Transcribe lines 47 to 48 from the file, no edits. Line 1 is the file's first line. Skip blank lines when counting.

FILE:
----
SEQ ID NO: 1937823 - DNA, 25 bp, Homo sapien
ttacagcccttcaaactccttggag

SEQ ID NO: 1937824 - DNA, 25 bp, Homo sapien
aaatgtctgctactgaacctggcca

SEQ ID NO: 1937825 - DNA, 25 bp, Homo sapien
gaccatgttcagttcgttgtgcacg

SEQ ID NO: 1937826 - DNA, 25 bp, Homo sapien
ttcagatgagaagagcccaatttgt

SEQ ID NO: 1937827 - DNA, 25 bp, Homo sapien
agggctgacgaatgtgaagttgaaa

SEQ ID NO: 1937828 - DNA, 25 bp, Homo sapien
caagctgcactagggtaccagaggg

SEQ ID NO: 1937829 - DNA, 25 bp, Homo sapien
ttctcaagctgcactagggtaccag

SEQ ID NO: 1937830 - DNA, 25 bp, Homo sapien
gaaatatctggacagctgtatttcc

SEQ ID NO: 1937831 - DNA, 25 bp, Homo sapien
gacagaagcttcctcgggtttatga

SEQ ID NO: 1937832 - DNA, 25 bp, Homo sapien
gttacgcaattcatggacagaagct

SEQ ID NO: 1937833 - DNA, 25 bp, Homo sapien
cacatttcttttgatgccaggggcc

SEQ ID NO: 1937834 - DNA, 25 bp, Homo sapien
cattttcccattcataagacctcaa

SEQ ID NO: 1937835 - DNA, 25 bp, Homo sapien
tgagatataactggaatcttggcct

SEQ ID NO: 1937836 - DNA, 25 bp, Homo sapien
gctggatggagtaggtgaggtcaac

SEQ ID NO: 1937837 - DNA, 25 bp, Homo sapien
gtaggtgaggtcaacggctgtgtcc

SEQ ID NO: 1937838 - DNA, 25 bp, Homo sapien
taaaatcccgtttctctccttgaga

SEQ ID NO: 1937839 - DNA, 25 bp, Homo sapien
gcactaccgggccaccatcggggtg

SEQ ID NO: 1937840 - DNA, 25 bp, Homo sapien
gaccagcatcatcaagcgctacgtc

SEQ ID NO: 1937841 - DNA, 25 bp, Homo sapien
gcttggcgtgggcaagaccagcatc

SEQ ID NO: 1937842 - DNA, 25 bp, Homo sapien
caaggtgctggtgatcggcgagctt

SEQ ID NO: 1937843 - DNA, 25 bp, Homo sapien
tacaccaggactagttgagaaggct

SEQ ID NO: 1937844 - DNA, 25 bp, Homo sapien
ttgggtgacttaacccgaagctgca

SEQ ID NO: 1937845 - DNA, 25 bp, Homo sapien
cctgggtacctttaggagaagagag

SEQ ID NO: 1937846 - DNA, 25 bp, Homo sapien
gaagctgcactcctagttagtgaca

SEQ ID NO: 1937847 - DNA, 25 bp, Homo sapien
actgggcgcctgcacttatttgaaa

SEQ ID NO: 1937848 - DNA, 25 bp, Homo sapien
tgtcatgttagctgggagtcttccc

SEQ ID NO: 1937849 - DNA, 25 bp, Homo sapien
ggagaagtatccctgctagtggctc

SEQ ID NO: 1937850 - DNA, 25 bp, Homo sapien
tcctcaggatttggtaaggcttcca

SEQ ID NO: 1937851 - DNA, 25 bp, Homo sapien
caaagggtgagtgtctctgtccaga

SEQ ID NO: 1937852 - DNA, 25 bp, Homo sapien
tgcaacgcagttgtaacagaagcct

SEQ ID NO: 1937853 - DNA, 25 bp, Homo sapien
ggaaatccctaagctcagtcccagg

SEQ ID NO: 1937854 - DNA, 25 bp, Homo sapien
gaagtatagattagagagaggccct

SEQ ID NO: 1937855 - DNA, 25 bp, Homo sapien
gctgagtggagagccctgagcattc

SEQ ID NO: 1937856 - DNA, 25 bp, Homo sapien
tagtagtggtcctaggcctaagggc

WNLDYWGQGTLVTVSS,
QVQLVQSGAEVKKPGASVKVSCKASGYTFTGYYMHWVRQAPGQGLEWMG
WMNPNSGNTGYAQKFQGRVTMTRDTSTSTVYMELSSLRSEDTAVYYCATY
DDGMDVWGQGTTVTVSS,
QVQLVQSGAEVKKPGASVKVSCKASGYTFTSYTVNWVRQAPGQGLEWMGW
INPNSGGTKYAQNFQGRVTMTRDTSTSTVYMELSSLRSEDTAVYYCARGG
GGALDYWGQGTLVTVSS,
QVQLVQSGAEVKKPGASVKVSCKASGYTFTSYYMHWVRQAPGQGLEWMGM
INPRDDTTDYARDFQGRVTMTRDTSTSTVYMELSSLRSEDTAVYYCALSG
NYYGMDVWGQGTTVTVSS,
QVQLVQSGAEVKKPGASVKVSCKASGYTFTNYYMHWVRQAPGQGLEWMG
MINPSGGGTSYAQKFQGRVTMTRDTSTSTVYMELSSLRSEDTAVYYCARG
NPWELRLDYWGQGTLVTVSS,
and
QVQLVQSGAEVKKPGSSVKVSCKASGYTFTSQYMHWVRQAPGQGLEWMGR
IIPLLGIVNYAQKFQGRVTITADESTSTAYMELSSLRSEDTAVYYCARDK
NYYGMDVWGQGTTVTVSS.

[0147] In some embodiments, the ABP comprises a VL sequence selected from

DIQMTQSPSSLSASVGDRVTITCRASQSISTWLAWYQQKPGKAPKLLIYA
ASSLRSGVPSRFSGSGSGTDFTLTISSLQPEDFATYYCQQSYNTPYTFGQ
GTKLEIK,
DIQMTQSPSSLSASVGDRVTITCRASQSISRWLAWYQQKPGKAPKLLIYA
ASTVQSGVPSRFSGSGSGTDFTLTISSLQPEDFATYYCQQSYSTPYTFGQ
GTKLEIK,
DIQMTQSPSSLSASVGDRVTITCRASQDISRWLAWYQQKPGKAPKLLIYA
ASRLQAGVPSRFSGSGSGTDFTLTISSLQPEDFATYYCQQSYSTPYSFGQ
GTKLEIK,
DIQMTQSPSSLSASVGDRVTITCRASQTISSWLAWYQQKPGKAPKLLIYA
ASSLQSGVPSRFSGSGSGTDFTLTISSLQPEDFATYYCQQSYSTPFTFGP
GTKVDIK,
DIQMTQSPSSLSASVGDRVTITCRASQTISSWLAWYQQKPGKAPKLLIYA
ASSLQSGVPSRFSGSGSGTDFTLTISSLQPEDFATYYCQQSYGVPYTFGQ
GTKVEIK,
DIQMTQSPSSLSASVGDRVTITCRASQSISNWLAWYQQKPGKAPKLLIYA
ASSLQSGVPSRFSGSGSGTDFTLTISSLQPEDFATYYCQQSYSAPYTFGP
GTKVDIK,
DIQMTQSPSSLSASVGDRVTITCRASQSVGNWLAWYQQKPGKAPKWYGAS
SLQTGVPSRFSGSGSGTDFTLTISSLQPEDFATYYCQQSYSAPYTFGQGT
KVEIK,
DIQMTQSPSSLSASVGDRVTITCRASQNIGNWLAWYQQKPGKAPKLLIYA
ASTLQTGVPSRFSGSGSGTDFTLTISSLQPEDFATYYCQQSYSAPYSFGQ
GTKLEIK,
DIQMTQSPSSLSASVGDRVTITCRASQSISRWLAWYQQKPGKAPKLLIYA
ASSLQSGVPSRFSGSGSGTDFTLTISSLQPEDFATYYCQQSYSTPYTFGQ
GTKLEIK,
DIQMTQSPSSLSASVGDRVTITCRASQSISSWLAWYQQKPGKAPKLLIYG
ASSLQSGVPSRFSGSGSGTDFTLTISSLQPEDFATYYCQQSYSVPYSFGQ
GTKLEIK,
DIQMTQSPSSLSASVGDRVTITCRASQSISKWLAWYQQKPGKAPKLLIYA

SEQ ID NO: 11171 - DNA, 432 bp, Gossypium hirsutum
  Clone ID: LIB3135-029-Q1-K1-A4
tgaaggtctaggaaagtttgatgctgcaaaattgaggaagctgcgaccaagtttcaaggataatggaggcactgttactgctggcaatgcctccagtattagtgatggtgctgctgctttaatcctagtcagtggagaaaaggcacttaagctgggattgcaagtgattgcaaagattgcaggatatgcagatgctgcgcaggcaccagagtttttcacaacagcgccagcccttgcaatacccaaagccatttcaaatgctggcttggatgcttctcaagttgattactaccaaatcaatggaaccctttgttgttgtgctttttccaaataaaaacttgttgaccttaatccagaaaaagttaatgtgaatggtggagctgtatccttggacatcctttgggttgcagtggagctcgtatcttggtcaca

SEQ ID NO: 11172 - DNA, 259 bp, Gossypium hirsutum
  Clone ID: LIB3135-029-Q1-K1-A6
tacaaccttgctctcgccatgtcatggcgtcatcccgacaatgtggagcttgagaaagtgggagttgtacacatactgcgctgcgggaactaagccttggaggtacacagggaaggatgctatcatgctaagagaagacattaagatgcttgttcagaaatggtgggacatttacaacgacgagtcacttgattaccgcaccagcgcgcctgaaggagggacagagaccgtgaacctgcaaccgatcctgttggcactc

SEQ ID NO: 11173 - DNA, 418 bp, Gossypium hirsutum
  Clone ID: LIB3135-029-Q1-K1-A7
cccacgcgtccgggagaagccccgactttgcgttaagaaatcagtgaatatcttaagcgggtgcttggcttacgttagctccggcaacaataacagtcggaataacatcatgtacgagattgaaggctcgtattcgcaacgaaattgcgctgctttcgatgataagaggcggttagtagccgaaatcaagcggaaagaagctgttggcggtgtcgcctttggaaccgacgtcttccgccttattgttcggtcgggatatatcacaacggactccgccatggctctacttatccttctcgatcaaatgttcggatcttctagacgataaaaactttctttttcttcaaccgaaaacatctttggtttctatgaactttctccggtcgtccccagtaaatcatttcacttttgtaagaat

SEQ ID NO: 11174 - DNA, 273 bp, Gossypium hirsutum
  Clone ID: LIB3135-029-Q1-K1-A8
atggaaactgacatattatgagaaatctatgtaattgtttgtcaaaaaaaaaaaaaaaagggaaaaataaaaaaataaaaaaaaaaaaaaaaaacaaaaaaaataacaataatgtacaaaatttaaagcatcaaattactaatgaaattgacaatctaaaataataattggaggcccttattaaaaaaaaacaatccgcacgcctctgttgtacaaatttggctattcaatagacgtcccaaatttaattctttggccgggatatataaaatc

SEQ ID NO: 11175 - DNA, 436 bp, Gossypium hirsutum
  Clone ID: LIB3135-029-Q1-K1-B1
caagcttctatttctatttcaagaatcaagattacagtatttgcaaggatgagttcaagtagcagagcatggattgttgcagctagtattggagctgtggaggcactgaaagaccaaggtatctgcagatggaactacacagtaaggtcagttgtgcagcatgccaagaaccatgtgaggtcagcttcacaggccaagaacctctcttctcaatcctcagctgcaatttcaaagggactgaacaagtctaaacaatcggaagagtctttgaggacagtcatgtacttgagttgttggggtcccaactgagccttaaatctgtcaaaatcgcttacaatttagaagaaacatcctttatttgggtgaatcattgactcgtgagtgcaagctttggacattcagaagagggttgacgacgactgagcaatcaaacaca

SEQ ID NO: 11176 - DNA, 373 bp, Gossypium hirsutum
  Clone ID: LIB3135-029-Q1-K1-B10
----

SEQ ID NO: 1937846 - DNA, 25 bp, Homo sapien
gaagctgcactcctagttagtgaca